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Vascular dementia is caused by the deprivation of oxygen in the brain due to complications arising in the supply of blood.  This can occur either in permanent or acute damage to areas in the brain that help control activities such as planning, organizing, concentrating, following procedures such as cooking and concentrating.  Confusion, memory loss that is usually short-term, language, and visuospatial awareness are also areas affected in early stages of vascular dementia.  Vascular dementia affects the second most amount of people with dementia after Alzheimer’s. 

Types of Vascular Dementia

Stroke-Related Vascular Dementia

A stroke occurs when the blood to the brain is cut off.  This usually happens in the form of a clot.  The affected blood vessel either pops, or the afflicted area does not receive the nutrients and oxygen to stay alive.  Strokes vary in how severe they are depending on if the stoppage of blood flow to the brain is permanent or temporary and which parts of the brain are affected. 

Most major strokes occur when the blood flow to a major blood vessel in the brain is severed.  This occurs most commonly with a blood clot, though it can also occur with a blood vessel popping.  The deprivation of oxygen causes significant damage that can only be assessed on a subject to subject level.  While not every stroke victim will succumb to vascular dementia, it is common for close to 20% of stroke victims to develop symptoms within six months.  Sadly, those that have had a previous stroke are more inclined to have another, and thus the cycle progresses between strokes and vascular dementia.

Single and Multi- Infarct Vascular Dementia

These types of vascular dementia occur when there are either one small or multiple small strokes.  The size and area that the stroke affects can build and accumulate over time.  Sometimes though, the blocked or clotted areas clear fast enough that major brain damage is minimal, when regarding a stroke.  When the clot or blockage clears itself in less than one day is known as a mini-stroke or transient ischemic attack.  If the brain area is disconnected from blood supplies for more than a few moments the area is considered an infract.  If this only occurs in one specific area of the brain it is known as a single- infract area.  Unfortunately, this can occur in multiple parts of the brain over one or multiple strokes, which leads to the name of multi- infarct dementia.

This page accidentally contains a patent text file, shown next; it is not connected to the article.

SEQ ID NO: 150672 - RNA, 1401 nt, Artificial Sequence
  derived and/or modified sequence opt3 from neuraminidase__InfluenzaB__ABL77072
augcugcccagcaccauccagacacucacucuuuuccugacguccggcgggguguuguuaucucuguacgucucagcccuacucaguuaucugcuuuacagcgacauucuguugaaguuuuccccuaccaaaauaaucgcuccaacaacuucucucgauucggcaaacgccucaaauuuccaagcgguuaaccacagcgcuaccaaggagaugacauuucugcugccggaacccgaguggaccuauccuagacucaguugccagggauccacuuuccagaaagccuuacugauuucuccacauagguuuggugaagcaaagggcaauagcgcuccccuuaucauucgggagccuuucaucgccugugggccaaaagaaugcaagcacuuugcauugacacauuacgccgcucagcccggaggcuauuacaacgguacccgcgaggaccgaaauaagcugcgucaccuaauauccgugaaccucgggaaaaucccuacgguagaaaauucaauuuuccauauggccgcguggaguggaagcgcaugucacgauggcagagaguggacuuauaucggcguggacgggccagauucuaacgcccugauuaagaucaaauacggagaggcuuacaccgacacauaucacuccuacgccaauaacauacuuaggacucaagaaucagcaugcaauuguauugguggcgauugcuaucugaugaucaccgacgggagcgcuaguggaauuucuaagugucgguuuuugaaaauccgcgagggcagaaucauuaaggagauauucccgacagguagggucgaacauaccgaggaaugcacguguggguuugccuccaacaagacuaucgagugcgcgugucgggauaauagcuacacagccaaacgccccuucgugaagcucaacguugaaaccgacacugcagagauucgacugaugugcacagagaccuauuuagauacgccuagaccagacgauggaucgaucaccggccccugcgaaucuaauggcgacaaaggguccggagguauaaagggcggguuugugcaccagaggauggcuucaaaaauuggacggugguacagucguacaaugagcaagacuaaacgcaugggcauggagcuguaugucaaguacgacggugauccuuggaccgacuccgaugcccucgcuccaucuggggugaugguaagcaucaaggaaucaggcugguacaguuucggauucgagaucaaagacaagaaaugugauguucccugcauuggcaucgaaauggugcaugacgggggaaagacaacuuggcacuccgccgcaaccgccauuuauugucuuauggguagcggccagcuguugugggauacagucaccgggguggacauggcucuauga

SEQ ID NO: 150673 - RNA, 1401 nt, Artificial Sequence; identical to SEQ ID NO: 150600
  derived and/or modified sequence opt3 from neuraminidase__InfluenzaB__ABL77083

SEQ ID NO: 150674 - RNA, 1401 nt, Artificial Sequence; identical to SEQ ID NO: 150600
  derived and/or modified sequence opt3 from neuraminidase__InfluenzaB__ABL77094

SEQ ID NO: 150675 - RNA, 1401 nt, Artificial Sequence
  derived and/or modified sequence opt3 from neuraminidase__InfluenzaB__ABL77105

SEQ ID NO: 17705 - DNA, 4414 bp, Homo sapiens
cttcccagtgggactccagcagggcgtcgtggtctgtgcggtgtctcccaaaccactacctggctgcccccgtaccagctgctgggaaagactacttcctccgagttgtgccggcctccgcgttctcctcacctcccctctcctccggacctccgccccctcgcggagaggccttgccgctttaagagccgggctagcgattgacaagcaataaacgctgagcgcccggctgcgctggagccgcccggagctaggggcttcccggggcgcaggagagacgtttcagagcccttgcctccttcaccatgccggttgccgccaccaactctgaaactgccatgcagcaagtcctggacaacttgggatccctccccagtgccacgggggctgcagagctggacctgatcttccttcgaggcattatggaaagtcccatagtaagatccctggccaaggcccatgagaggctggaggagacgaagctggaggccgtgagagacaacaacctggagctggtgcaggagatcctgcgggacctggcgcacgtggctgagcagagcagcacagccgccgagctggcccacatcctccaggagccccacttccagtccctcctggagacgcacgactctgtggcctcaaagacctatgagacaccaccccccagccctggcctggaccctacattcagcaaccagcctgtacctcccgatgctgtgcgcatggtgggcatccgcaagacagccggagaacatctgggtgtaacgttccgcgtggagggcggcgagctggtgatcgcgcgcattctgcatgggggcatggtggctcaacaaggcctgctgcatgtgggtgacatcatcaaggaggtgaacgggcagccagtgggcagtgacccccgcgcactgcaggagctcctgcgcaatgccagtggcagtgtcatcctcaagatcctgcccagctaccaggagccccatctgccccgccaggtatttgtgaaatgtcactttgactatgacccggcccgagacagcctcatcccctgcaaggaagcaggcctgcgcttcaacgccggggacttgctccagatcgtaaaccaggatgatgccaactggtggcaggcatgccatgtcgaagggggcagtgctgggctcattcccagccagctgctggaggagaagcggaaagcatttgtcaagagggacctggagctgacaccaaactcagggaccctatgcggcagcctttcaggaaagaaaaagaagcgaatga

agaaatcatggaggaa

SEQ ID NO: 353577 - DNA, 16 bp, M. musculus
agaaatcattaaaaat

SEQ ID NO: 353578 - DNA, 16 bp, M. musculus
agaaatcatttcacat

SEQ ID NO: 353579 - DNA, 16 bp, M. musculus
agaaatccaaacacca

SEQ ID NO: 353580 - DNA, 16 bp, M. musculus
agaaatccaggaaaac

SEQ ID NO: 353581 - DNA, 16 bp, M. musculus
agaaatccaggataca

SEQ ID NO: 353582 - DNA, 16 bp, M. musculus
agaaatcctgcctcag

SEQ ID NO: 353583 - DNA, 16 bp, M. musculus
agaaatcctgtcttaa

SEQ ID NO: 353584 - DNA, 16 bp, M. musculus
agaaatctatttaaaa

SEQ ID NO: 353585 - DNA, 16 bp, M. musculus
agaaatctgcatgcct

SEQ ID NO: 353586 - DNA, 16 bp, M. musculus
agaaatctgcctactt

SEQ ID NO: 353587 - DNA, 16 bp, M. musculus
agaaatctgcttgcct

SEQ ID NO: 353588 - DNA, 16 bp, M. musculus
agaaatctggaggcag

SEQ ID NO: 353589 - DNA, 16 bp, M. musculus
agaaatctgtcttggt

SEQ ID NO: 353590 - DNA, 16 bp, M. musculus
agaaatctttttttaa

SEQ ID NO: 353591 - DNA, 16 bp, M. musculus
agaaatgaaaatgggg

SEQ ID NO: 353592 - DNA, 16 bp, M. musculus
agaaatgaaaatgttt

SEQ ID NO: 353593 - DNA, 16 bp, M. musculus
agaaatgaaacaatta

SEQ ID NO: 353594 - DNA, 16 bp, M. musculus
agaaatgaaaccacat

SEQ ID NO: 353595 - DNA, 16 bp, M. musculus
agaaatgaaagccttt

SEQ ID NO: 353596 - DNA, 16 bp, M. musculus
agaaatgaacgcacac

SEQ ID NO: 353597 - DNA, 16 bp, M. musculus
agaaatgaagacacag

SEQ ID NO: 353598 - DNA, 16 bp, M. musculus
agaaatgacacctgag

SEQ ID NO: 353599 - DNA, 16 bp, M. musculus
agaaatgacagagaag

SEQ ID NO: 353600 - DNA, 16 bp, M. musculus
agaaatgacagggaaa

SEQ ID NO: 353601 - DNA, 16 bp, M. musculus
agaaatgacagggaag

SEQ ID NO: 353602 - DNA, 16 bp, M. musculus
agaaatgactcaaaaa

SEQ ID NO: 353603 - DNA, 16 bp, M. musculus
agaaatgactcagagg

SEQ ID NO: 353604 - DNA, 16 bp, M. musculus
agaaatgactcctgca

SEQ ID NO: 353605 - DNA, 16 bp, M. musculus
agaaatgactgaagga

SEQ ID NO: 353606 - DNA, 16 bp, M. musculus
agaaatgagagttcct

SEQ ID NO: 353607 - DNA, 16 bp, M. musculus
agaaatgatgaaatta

Subcortical Vascular Dementia

Subcortical Vascular Dementia occurs over an extended period of time and is actually caused by diseases that affect the small blood vessels located within the brain.  Over time the walls thicken, stiffen, and become twisted which reduces the blood flow that reaches the brain.  Small vessel damage, as it is often referred to, impacts the ability of nerve fibers to transmit signals to the brain.  Subcortical vascular dementia usually occurs much deeper in the brain than dementia caused by a stroke and the two can usually be differentiated.  Small vessel damage is the most common form of vascular dementia.

Mixed Dementia (Vascular Dementia and Alzheimer’s Disease)

Mixed dementia comprises roughly 10% of all people with memory loss or dementia.  The symptoms are difficult to diagnose because they can encompass the characteristics of either Alzheimer’s, dementia, or a combination of both.  Often, people with Alzheimer's Disease or dementia are best cared for in a dedicated Alzheimer's Care Unit at an assisted living facility.  

Early Symptoms

  • Difficulties with planning, organizing, decision making, and problem solving
  • Difficulties following procedures
  • Slower speed of thought or cognition
  • Problems recalling events, usually recent
  • Loss for words or fumbling over language
  • Depth perception

Stages and Life Expectancy

The stages of vascular dementia are difficult to determine.  Every person is different, and it does hit harder and faster for some people.  It is also important to remember that it will vary depending on if vascular dementia is caused by strokes, subcortical vascular dementia, or a combination of Alzheimer’s and one of these other forms.  As you can imagine, dementia caused by strokes versus subcortical, or the narrowing and clogging of blood vessels, affect the brain differently.  Subcortical vascular dementia is usually more steadily progressive and slowly grows worse with time.  Stroke related vascular dementia has a plateau or step pyramid tendency, where a stroke occurs and things drastically change, but usually level out.  It is difficult or impossible to determine when another stroke will occur, but usually after one happens, it is likely another will follow eventually.  Life expectancy estimates vary between most physicians, with some suggesting numbers as low as four and a half years, and others as high as ten years.  As we have discussed, it is difficult to gauge how vascular dementia will affect each individual.  


Unfortunately, there is no treatment for vascular dementia.  That does not mean there is nothing one can do though.  While reversing the damage done is impossible, slowing it down starts with healthier habits.  Here are some suggestions:

  • Eating healthier
  • Stop smoking, drinking alcohol, and using other harmful substances
  • Exercise and weight loss
  • Medications that decrease cholesterol, thin blood and prevent blood clots, and reduce high blood pressure


Article written by Nick Schaller with Senior Directory